Look at different items in your home. Kettle, vacuum cleaner, glasses are everything that could become someone’s future innovative business. We are used to living easier and ready to forget about the vestiges of the past.
Quite a lot has been said about the Internet of things (IoT), but not all people understand how to properly use their abilities in communicating with customers. Currently, IoT is used, for example, in the industrial sector, as well as in infrastructures within the framework of the “smart city” concept (video surveillance cameras, energy or heat consumption sensors, etc.). The use of smart devices is growing in popularity.
The idea of connecting not the computer world’s part of physical objects and the network appeared in 1982. It is associated with Coca-Cola. The company created the first vending machine with network access to sell its drinks as an experiment. The machine transmitted data on the status, the number of cans, their temperature, etc. In 1999, a group of engineers from MIT began developing a project to automate the production line for Procter & Gamble. These reports for the first time used the term Internet of Things, still employing today.
IoT allows track and monitors the status of objects on this network remotely. It is easy to integrate the physical world into a computer system for this reason. It includes automation of production processes, robotics, embedded technologies in payment terminals, and ATMs. IoT is also the concept of “smart home”, which involves ensuring security and resource-saving for consumers through the introduction of automated systems, and the use of special sensors (such as NFC or QR codes) with a smartphone or mobile application for interacting with physical objects. At the same time, the accuracy of data collection is constantly improving, and the development of the technologies brings economic benefits.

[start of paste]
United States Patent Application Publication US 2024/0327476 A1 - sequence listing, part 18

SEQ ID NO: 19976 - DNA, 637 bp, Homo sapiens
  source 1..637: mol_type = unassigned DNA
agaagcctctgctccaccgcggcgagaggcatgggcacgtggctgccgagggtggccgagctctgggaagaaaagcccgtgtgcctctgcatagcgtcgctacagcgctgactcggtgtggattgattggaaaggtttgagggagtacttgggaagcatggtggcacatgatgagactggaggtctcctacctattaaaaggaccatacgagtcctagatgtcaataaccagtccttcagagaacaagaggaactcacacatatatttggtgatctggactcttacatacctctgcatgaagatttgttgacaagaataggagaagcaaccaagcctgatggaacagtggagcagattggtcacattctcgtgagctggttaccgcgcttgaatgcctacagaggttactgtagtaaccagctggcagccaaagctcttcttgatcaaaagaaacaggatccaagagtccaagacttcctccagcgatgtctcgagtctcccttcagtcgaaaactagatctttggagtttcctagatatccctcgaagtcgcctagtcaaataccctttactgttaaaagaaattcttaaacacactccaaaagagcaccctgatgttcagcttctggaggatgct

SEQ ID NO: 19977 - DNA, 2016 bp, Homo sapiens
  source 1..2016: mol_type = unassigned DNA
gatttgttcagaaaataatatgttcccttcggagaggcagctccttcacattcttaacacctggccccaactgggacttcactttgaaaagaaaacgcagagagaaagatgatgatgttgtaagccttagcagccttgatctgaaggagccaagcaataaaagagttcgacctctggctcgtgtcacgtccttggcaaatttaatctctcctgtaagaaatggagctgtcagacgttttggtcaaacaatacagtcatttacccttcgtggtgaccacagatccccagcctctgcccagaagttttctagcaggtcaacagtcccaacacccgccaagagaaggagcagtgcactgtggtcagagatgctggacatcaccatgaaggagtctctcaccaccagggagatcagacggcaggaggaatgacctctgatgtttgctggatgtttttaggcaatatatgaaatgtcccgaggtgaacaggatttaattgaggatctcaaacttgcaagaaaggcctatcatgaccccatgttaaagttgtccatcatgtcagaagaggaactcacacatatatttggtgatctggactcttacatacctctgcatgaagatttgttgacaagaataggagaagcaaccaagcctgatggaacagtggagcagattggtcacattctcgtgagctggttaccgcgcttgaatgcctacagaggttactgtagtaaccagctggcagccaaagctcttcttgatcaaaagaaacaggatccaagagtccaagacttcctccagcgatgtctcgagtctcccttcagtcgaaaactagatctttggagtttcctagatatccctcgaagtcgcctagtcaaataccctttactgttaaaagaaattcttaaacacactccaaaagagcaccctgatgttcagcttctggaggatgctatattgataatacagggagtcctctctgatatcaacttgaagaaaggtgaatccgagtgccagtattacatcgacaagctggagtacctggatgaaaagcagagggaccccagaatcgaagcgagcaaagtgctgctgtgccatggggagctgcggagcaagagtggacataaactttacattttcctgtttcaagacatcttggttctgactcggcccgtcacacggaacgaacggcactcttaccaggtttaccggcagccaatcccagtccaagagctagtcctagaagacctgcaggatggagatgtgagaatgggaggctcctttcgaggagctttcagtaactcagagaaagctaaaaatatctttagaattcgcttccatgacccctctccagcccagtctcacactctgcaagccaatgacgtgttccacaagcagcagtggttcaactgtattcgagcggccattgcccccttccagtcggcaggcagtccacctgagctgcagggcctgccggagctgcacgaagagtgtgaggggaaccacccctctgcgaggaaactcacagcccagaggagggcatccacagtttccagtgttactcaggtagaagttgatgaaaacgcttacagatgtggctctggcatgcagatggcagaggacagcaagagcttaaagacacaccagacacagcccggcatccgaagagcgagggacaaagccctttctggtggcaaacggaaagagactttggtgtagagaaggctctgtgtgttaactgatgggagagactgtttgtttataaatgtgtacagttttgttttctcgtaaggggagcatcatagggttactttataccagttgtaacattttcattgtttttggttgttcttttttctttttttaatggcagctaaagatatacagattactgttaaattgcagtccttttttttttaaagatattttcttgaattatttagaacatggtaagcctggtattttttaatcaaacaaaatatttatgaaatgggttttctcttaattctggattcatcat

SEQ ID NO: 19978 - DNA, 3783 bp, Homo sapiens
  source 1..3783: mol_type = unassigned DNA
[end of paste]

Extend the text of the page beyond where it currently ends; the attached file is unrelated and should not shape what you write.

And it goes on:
The IoT in B2C is wearables, smart homes, smart clothes, smart TV and different smart devices. The IoT in B2B is drones, smart city, usage-based insurance smart jobs, smart grid, smart factory, Industrial Internet of Things (IIoT), smart well, geolocation marketing, including smart warehouses, and more.
Marketers should not lose sight of IoT, as it is a new communication channel with audience and the way of user data collection — a new useful industry.
What are the benefits of IoT marketing?
- Companies that are the first to present intelligent and innovative solutions will gain customer confidence and a high demand for products. This applies not only to B2C but also to B2B buyers.
- Advertisement will become “wiser”, as well as more relevant and more personal.
- Increasing the number of communication ways. It will include not only phone numbers, emails, social media, but also the products themselves. Could you ever imagine communicating with a customer through the fridge? Or through the car’s control panel? Or through a TV or washing machine?
- Automation of marketing and routine procedures. Intelligent technology collects data, so you no longer need to perform many analytic operations.
This function is especially relevant for communications in retail. There are appropriate solutions that are already offered. Innovative solutions integrated into products allow you to receive a constant stream of data: how the consumer interacts with a product, what functions it uses, — and based on these insights, change the product, making it more attractive. An ordinary camera that is installed in the store is equipped with technology for recognizing gestures or emotions and processing data received for more accurate data on consumers’ behavior quickly. For example, the Intel Retail Sensor Platform uses a special analytic system based on RFID tags placed on products sold in the store, cameras, interactive displays, and digital signage. The system analyses customers’ actions, determines portraits, and, based on the data received, makes a personal offer. You take a shirt in your hands and on the screen next to you already offer to buy a tie.
Using the IoT is a great way to upgrade business: the data coming from devices gives new levers of influence on the client base. The introduction of innovative solutions is now, although at an initial stage, in the future they will find more and more opportunities for application, transforming traditional marketing processes and attracting both consumers and manufacturers.
Ekaterina Vronskaya graduated Lomonosov Moscow State University, Faculty of Journalism. Began her professional career in communications in 2017 from a Head of Press Office at the High School of Parliamentarism (the Young Guard of United Russia project) and became PR Manager of PROGRESS Communication Agency in 2018. Since 2019, Ekaterina Vronskaya is being Press Secretary of iMARS Communications and Director of Communications of SPUTNIK Marketplace.